“I’ve said this before: We remain Chris Bosh’s best option to maximize his contract potential, whether that’s re-signing here or going out in the market and we work out a sign and trade,” Colangelo said at his year-end media gathering, when the team’s future didn’t look as bleak as it does today.
“Chris said it best: Whether or not he stays, we’ll be working together, discussing what options we have.
“But it’s not often an athlete walks away from a significant amount of money. That’s an advantage we have with him.”
But something happened on Bosh’s road to Miami, a strain that put the Raptors right up against the wall.
As many as seven sign-and-trade scenarios were believed to have been mapped out and yet Bosh finds himself heading to Miami for nothing.
A lot could change from Wednesday, when Bosh went on ESPN to announce his decision to join the Heat.
“No matter what happens, me and Bryan agreed to work together,” Bosh said when he met with the media at season’s end.
“I think that’s important. I respect him as a GM and he respects me as a player. I think that’s important, no matter what you do, you always want to do good business in this league. We’re always going to talk.”
But the lines of communication ended for reasons unknown.
With a TPE, the Raptors would be able to trade for a player from a team looking to cut salary. A TPE does not count against the salary cap until it is used in a transaction. Teams get one year to use a TPE.
Teams cannot package a TPE with a player on the roster (so the Raptors won’t be able to unload Hedo Turkoglu or Jose Calderon by packaging them with a TPE), but they can get a smaller TPE back if they trade for a player making less than the full amount.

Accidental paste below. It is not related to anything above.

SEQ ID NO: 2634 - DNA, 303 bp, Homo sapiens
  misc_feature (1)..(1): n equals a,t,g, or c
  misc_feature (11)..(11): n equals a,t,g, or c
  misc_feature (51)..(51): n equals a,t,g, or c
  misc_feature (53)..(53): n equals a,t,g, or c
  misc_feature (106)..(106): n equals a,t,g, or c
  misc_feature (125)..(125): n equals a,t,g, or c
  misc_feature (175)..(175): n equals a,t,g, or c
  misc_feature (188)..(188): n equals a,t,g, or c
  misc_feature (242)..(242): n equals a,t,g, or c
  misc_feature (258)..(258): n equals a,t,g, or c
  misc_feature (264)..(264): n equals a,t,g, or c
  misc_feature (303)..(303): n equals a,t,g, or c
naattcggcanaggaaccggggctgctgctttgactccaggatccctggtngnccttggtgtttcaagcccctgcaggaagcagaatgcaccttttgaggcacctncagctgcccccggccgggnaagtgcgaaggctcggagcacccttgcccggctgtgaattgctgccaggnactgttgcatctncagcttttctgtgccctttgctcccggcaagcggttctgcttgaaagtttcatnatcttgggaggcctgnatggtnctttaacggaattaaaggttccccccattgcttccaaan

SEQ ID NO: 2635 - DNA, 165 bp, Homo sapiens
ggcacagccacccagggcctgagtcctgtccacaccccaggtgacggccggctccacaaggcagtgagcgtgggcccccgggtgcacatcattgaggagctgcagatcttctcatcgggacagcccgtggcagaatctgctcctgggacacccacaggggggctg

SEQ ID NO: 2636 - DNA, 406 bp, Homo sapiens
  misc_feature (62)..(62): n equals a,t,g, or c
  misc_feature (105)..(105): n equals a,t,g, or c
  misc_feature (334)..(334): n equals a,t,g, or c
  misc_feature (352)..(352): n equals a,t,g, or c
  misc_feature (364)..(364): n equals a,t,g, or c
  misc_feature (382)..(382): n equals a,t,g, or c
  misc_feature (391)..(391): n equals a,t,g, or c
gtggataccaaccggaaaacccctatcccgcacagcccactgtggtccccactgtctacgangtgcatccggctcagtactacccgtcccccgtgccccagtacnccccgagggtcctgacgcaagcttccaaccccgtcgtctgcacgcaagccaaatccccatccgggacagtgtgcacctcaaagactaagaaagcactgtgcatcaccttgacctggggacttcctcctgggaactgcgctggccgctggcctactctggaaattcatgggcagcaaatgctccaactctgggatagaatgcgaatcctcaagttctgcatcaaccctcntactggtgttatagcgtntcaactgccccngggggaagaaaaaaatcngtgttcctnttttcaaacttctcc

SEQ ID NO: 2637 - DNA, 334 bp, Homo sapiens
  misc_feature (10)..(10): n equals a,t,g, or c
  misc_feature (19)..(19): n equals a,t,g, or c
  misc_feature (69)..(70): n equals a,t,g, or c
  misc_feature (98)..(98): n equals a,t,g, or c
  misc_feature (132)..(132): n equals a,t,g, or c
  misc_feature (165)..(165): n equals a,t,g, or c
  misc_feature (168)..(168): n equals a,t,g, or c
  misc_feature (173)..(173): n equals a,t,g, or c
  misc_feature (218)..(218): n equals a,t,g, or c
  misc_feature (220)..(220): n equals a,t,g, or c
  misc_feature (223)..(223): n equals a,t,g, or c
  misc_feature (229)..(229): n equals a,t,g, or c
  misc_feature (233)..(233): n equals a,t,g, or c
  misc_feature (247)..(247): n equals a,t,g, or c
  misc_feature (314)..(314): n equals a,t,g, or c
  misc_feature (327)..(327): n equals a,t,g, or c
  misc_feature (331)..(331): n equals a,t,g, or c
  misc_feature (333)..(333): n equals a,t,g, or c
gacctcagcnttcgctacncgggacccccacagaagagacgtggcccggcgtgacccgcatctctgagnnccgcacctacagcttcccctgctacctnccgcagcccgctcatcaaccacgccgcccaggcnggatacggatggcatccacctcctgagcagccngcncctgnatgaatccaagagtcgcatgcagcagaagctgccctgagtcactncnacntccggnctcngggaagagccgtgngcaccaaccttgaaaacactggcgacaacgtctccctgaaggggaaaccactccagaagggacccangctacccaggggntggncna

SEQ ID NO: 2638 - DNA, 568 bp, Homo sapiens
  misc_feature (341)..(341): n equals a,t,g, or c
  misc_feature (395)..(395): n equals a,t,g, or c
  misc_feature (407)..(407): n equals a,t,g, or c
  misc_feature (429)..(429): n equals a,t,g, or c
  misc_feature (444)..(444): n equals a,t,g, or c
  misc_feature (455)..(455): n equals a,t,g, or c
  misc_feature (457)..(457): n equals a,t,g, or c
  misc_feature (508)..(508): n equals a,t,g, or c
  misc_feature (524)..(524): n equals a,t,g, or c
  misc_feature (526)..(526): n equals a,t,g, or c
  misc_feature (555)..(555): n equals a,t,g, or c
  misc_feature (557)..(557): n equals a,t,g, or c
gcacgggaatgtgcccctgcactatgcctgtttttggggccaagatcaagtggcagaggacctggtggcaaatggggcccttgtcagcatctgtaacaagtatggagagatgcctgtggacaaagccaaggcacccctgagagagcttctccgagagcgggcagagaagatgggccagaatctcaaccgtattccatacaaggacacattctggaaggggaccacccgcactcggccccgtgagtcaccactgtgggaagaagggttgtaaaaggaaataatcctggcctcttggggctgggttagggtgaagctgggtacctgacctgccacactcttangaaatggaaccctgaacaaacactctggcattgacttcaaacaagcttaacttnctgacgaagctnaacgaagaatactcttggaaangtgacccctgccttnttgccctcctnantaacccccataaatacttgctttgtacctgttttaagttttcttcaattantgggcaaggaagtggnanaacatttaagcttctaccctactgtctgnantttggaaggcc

For example, if the Raptors obtain a $17-million US exception from the Heat, they can trade for a player making that much, or they can trade for a player making, say, $5 million and get back a TPE covering the difference, along with that player or players.
The Heat could also offer the Raptors draft picks. With Bosh and Wade on board, Miami’s first-round selections don’t carry much value since they likely will be in the 25-30 range, but Miami owns Toronto’s next non-lottery first rounder.
That pick is only protected for a few more years and if Toronto completely goes into the tank and misses the playoffs repeatedly, it could become a significant chip.
The Raptors have been offered the No. 2 overall selection in 2008, Beasley, but have shown no interest in adding the talented but lethargic forward to the roster. Beasley is a spectacular talent, who lacks the desire and mental makeup to be a star. He is also caught between the small forward and power forward positions and is non-existent defensively.